Bosses, take note: Workers say lack of engagement is a top reason they'd quit their jobs
- A lack of career growth is one of the biggest reasons workers leave their jobs, second only to low pay, according to a survey from Instructure and The Harris Poll.
- 77% of employees feel they're 'on their own' to develop their careers at the company.
- Employees moving around in today's tight labor maket could cause challenges for employers that don't give workers what they want.
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Employees want managers to help grow their careers - and if bosses don't step up, they leave.
A new survey found a third of employees who quit their jobs did so because they didn't learn new skills or better performance. A lack of career growth is one of the biggest reason workers leave, second only to low pay.Public-opinion research company The Harris Poll administered the survey using responses from 1,433 full-time employees at 310 workplaces. Nearly all of the companies surveyed said they provide career-development tools.
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Only one in four employees surveyed, however, felt the employeer helped them grow "very well." Around 77% of employees feel "on their own" to develop their careers at the company.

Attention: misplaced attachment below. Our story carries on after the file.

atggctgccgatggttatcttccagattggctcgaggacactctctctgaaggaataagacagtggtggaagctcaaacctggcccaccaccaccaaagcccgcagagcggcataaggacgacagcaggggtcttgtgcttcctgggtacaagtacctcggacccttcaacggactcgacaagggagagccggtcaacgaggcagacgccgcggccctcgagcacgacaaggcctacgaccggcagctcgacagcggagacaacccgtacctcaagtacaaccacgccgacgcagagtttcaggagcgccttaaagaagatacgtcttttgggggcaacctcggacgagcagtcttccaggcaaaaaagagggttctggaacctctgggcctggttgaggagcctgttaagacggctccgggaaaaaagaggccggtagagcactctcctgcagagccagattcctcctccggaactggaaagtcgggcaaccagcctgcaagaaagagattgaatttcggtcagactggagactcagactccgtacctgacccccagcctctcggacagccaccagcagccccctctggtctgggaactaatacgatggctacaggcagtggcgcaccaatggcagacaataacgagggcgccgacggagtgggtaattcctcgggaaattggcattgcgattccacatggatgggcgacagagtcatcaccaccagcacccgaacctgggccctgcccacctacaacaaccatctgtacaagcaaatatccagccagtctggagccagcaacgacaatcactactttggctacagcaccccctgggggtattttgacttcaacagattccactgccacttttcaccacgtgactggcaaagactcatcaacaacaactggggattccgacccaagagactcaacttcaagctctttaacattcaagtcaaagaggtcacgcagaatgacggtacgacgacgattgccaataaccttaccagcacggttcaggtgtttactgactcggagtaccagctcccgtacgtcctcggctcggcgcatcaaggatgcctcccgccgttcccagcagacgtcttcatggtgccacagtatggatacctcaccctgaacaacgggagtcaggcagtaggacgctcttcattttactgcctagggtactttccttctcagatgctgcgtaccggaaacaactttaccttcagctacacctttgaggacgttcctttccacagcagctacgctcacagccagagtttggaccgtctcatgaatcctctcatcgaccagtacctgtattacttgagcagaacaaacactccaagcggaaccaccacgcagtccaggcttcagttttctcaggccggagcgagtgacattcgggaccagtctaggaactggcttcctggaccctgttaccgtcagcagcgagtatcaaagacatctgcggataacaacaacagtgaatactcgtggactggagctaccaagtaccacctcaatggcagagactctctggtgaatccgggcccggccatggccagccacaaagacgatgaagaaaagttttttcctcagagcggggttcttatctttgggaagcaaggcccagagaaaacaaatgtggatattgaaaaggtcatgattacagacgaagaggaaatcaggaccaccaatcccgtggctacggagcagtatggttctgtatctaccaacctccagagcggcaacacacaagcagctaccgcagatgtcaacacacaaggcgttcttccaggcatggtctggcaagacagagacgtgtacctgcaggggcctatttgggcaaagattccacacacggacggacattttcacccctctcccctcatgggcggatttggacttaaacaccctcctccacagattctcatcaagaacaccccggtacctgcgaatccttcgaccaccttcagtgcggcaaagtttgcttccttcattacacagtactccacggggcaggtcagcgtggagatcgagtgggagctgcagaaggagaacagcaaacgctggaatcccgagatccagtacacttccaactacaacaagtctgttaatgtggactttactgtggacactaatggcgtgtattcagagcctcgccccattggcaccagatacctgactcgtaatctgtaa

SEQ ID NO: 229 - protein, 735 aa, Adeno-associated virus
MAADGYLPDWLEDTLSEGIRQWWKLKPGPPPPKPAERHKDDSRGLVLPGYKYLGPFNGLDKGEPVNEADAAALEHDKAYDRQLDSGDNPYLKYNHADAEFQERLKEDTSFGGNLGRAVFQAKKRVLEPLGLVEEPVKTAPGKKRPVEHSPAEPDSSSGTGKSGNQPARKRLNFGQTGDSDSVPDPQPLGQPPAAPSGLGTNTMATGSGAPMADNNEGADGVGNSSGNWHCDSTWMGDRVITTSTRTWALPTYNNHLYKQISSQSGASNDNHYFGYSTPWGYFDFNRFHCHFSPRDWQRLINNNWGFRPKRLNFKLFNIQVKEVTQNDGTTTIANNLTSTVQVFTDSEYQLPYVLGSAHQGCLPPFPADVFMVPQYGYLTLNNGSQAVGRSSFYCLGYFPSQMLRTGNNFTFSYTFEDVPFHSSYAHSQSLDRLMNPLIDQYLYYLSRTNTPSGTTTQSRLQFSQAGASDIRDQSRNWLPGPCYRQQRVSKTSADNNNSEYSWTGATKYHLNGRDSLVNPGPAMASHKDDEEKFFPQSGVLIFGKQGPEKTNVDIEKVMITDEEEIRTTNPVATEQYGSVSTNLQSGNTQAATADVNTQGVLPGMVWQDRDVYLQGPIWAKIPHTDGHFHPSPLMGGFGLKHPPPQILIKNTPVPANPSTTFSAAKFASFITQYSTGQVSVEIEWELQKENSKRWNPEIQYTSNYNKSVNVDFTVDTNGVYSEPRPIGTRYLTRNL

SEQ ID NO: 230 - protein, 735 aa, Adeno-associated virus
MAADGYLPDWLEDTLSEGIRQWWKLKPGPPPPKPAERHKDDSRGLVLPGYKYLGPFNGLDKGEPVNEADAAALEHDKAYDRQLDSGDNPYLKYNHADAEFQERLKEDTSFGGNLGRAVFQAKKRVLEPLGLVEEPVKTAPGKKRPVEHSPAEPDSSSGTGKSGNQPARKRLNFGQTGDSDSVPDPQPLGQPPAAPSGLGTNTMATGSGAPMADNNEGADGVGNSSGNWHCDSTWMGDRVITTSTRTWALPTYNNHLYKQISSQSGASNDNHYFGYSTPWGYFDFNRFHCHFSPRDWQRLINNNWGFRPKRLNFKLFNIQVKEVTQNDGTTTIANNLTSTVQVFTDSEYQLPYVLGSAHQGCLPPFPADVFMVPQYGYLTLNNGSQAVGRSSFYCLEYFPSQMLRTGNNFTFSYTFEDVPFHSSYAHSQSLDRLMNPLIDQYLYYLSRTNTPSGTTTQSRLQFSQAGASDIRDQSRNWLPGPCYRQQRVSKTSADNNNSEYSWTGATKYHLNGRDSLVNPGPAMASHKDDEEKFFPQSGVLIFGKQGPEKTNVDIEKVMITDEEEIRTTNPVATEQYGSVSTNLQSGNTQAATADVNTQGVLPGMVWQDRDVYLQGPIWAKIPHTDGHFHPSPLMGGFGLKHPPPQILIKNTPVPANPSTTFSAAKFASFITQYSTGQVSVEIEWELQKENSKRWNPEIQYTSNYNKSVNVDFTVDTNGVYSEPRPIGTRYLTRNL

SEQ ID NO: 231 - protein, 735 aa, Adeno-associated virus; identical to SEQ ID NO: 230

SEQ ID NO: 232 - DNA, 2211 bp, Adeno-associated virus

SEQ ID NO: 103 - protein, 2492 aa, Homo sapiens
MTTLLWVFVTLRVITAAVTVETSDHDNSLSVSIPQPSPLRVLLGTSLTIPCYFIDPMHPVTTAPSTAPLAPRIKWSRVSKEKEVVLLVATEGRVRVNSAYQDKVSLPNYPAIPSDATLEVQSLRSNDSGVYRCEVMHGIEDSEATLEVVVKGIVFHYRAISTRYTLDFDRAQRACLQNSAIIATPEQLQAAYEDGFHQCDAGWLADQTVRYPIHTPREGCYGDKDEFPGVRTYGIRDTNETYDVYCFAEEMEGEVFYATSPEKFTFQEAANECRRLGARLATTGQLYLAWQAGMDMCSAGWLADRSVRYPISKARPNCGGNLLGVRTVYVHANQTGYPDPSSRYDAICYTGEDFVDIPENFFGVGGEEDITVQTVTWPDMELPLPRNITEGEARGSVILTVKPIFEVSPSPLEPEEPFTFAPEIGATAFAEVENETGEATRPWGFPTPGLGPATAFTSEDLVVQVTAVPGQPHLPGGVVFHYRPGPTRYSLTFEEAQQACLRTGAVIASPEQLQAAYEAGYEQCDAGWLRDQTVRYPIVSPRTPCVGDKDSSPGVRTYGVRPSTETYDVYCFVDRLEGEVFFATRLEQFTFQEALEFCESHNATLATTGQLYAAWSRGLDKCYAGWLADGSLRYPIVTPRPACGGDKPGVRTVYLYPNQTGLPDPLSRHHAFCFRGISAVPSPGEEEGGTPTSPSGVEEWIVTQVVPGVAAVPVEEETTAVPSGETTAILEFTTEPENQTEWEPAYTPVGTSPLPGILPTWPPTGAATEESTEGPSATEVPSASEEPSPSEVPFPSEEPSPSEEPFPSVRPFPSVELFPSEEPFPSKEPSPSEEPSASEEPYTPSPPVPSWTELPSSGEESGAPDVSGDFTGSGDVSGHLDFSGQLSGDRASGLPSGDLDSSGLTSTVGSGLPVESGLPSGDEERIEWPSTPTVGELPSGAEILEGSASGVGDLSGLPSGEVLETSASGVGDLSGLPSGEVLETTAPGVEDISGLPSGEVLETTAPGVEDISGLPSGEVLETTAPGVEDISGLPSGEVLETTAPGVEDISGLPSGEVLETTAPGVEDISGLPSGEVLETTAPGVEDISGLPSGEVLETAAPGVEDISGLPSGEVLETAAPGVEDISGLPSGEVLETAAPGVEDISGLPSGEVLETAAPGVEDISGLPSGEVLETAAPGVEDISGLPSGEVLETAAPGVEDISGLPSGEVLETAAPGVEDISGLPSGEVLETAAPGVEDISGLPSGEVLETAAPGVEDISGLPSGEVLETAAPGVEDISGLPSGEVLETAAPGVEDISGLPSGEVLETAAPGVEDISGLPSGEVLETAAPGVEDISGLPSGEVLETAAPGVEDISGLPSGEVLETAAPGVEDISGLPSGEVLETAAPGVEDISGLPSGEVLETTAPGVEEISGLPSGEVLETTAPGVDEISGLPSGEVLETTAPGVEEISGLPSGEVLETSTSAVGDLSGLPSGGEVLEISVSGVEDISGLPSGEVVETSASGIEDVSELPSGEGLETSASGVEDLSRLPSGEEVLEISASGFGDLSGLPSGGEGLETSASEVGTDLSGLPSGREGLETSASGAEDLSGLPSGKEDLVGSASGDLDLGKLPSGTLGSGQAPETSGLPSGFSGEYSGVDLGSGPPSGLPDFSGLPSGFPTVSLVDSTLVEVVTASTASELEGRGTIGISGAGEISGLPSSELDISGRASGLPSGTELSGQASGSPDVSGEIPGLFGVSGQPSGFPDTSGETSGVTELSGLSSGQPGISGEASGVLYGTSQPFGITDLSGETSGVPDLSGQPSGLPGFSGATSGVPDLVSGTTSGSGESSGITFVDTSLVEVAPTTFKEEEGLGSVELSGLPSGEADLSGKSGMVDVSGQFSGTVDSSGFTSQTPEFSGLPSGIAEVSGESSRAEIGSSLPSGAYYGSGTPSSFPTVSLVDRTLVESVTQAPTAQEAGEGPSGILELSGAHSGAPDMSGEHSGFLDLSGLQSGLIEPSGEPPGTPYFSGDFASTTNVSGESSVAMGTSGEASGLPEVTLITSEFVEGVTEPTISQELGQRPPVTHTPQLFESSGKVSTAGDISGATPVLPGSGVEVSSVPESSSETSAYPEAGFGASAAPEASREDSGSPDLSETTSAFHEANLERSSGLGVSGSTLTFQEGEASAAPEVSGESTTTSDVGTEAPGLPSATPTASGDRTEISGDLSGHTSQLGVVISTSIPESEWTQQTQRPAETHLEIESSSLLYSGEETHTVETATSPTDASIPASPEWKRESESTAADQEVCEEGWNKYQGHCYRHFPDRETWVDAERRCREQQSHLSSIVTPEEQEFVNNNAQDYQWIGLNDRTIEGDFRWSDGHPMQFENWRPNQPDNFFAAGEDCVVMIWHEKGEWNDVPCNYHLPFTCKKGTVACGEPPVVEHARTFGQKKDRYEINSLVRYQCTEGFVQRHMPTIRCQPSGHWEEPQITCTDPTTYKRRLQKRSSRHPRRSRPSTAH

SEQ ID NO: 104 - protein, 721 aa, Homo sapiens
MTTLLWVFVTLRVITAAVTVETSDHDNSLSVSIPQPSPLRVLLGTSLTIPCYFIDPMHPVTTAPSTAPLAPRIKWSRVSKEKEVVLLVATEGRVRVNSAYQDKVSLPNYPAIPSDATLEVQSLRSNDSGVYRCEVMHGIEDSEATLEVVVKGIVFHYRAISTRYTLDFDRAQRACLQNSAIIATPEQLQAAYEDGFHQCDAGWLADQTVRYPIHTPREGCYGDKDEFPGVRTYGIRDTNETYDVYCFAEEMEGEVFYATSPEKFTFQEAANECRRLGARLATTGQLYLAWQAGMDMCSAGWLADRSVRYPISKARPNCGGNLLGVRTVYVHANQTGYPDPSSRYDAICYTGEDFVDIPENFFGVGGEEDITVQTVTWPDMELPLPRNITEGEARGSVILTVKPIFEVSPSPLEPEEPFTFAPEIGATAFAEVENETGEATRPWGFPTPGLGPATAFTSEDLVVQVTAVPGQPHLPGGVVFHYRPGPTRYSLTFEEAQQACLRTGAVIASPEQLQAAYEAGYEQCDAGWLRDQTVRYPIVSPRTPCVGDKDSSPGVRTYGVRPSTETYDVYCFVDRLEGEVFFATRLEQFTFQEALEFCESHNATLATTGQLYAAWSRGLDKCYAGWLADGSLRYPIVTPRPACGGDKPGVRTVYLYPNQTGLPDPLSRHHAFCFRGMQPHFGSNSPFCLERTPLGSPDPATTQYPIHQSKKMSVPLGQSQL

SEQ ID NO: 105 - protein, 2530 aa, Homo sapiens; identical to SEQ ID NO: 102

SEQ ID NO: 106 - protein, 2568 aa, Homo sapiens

"Today's workforce has options, and people are clear about the fact that they want to work for companies that will invest in their careers," said Mitch Benson, a vice president at Instructure, an educational technology company that worked with The Harris Poll on the survey.
Younger employees are especially susceptible to moving around if they feel they aren't getting promoted fast enough, leading companies to make new titles just to appease their Gen Z workers.
Career experts also say staying at a company that's underutilizing your skills could hurt your career. Lynn Taylor, workplace expert and author of "Tame Your Terrible Office Tyrant: How to Manage Childish Boss Behavior and Thrive in Your Job," urges her clients to quit if they feel stuck in the same position.Marc Cenedella, founder and CEO of career resource The Ladders, also told Business Insider's Rachel Gillett to quit if you haven't picked up a new skill, viewpoint, or way of doing things in six months.
Employees moving around in today's tight labor maket could cause challenges for employers that don't give workers what they want: companies can lose out on thousands of dollars hiring and training costs, plus lost productivity.